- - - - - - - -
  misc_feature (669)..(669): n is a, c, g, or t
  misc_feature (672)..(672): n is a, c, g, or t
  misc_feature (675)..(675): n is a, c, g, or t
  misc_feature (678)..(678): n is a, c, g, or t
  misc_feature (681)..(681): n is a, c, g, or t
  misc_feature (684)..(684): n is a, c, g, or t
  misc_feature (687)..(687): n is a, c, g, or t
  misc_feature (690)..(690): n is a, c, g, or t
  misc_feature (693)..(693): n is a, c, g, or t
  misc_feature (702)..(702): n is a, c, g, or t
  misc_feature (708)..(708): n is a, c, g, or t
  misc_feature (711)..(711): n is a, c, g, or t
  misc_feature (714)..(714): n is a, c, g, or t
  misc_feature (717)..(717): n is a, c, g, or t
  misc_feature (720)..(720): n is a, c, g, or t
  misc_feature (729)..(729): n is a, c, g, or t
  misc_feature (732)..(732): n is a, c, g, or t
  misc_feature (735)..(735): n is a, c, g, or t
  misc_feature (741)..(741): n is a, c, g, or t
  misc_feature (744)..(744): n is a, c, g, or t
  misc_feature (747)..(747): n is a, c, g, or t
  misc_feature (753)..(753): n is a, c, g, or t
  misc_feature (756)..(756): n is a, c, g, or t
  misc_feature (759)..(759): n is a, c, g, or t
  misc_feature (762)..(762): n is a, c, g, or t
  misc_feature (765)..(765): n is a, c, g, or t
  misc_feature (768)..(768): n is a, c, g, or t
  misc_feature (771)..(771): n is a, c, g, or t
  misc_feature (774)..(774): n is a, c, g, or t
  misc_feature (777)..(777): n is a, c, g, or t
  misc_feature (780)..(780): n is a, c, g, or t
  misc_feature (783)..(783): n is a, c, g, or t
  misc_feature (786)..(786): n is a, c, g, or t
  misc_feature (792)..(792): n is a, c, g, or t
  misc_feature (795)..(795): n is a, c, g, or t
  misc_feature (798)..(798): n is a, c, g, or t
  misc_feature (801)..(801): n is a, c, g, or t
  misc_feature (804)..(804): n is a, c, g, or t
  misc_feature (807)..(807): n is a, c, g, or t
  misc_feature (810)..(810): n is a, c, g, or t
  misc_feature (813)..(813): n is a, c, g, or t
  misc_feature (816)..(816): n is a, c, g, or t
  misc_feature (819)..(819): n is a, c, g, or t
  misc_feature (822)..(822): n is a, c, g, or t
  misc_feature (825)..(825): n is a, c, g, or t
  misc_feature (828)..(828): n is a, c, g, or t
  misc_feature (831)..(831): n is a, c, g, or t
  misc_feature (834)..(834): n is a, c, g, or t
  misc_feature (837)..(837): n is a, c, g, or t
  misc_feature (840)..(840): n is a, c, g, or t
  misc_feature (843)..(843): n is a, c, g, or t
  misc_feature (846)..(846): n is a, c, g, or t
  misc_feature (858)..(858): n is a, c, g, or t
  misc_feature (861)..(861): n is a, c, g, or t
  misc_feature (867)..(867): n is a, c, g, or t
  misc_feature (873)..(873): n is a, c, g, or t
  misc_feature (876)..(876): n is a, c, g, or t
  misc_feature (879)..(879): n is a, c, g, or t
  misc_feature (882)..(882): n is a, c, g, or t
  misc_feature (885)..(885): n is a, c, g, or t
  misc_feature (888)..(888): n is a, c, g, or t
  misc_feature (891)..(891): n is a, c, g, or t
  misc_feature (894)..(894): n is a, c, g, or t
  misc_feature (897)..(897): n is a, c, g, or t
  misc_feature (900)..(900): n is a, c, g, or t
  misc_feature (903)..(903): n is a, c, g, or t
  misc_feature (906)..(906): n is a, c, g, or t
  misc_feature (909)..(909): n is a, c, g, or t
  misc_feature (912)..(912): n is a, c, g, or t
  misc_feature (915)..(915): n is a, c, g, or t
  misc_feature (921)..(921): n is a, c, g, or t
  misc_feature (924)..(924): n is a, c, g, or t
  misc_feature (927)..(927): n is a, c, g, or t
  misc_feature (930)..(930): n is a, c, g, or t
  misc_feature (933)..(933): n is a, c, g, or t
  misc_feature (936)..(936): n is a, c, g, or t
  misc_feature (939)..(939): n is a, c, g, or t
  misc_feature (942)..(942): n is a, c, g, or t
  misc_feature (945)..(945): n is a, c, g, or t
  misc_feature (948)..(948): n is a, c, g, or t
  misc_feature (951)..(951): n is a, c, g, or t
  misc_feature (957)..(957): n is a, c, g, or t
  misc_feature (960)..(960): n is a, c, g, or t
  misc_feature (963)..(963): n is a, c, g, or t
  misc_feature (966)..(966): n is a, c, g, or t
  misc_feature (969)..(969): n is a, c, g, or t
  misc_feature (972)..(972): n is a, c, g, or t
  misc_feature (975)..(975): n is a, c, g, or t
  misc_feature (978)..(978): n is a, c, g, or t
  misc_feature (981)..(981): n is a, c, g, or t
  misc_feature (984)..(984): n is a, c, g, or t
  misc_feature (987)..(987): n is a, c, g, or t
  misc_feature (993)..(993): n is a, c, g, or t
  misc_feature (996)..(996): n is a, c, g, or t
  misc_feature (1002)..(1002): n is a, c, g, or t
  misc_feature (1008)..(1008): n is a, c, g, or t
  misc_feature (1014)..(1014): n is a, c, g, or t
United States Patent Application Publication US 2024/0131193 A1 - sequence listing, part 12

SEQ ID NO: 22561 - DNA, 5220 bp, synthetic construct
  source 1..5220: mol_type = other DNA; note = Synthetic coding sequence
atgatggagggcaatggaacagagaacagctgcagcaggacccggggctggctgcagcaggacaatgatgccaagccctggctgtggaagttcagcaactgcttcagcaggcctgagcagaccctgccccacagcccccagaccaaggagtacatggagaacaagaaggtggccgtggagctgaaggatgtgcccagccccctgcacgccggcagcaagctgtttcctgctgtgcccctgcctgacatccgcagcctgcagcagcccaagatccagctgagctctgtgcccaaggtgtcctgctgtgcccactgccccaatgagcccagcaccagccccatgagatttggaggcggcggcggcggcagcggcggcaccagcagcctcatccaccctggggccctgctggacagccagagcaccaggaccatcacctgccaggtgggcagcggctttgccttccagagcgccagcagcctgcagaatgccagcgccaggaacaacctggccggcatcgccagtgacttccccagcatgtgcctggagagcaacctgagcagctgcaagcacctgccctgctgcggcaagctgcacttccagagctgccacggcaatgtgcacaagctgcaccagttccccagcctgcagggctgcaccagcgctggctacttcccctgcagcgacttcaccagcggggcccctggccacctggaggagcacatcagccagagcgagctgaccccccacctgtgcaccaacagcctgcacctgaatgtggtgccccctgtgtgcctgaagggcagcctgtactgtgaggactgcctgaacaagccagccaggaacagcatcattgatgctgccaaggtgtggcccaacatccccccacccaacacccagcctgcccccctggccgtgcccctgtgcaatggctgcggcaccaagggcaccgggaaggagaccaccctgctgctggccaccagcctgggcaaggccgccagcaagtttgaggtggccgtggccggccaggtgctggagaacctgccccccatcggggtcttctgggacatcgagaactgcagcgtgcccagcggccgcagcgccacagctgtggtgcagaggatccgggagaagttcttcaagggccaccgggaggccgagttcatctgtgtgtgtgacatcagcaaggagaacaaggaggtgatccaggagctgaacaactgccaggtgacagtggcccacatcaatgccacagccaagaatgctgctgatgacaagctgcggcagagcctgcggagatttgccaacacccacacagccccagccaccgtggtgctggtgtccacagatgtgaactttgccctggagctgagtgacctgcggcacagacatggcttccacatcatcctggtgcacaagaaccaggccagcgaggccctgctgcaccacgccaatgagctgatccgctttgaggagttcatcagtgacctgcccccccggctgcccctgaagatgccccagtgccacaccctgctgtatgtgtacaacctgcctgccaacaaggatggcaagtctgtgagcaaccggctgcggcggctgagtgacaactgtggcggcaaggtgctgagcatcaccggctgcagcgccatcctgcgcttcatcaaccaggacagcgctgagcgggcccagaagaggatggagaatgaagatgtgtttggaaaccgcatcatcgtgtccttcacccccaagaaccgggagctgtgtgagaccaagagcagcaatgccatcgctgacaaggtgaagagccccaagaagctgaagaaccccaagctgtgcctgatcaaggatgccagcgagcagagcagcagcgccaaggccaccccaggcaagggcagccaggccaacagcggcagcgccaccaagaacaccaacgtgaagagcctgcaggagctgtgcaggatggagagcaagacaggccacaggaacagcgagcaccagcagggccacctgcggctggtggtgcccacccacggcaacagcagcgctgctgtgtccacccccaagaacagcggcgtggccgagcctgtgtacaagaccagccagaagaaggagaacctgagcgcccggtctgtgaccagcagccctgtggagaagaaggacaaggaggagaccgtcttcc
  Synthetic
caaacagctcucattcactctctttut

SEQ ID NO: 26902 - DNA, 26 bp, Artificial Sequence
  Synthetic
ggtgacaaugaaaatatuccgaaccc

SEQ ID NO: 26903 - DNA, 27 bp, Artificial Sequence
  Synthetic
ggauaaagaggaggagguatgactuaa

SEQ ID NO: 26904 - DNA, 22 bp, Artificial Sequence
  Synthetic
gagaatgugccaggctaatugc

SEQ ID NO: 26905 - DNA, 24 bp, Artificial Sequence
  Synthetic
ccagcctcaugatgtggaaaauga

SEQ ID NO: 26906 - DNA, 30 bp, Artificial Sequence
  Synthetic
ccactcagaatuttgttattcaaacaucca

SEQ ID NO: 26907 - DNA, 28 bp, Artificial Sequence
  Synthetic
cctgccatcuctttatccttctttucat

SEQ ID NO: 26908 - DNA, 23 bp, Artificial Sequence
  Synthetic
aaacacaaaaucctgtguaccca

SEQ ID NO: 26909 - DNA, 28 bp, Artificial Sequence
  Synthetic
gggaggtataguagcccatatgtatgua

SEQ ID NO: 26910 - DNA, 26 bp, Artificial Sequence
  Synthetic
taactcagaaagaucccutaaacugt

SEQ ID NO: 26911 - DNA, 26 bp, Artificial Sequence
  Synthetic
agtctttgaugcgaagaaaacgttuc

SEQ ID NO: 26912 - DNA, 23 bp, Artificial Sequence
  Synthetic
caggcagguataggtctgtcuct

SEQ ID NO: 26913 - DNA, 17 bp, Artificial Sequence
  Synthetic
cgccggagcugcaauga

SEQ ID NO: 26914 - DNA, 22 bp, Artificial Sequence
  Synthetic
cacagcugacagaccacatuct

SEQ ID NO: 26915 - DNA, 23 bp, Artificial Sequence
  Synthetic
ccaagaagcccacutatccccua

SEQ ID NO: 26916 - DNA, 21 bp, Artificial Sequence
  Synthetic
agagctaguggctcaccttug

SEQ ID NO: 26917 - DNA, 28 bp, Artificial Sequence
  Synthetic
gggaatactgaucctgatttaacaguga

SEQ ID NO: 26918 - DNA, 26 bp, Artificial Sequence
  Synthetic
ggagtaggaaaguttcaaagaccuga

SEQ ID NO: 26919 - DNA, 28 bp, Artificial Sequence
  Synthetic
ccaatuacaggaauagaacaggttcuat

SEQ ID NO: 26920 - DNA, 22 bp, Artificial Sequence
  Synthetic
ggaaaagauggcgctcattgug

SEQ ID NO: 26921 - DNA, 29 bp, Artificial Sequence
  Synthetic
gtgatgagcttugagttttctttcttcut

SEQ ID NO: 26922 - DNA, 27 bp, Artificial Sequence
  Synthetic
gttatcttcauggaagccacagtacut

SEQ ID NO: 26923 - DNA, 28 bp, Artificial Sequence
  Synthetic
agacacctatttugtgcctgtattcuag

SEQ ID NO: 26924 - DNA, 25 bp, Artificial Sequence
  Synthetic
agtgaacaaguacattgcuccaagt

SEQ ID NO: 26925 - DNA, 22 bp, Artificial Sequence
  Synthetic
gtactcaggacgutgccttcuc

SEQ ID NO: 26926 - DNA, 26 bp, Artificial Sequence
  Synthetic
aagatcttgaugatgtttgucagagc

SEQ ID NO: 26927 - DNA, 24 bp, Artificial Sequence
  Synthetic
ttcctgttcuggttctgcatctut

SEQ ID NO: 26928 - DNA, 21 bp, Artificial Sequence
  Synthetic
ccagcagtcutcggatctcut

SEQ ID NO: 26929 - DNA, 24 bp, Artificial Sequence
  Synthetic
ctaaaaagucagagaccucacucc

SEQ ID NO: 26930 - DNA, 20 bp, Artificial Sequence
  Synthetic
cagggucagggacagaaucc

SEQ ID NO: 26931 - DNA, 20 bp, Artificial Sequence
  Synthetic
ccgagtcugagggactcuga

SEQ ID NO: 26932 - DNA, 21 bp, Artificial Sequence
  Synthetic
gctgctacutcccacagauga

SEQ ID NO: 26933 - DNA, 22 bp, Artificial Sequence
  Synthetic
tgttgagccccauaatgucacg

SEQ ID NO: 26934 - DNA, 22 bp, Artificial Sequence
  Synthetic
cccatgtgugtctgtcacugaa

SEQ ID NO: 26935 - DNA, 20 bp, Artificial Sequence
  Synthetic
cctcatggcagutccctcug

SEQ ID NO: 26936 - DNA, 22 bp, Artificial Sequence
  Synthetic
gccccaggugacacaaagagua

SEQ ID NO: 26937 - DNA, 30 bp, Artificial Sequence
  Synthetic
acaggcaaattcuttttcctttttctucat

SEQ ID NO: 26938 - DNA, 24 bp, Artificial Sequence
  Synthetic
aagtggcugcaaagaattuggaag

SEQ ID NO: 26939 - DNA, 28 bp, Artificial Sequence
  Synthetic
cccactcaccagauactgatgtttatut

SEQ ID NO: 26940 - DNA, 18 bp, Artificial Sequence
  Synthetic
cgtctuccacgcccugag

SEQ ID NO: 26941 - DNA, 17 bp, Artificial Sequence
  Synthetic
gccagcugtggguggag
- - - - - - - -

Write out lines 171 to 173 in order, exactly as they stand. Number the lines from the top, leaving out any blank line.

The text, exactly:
  Synthetic
agtgaacaaguacattgcuccaagt

SEQ ID NO: 26925 - DNA, 22 bp, Artificial Sequence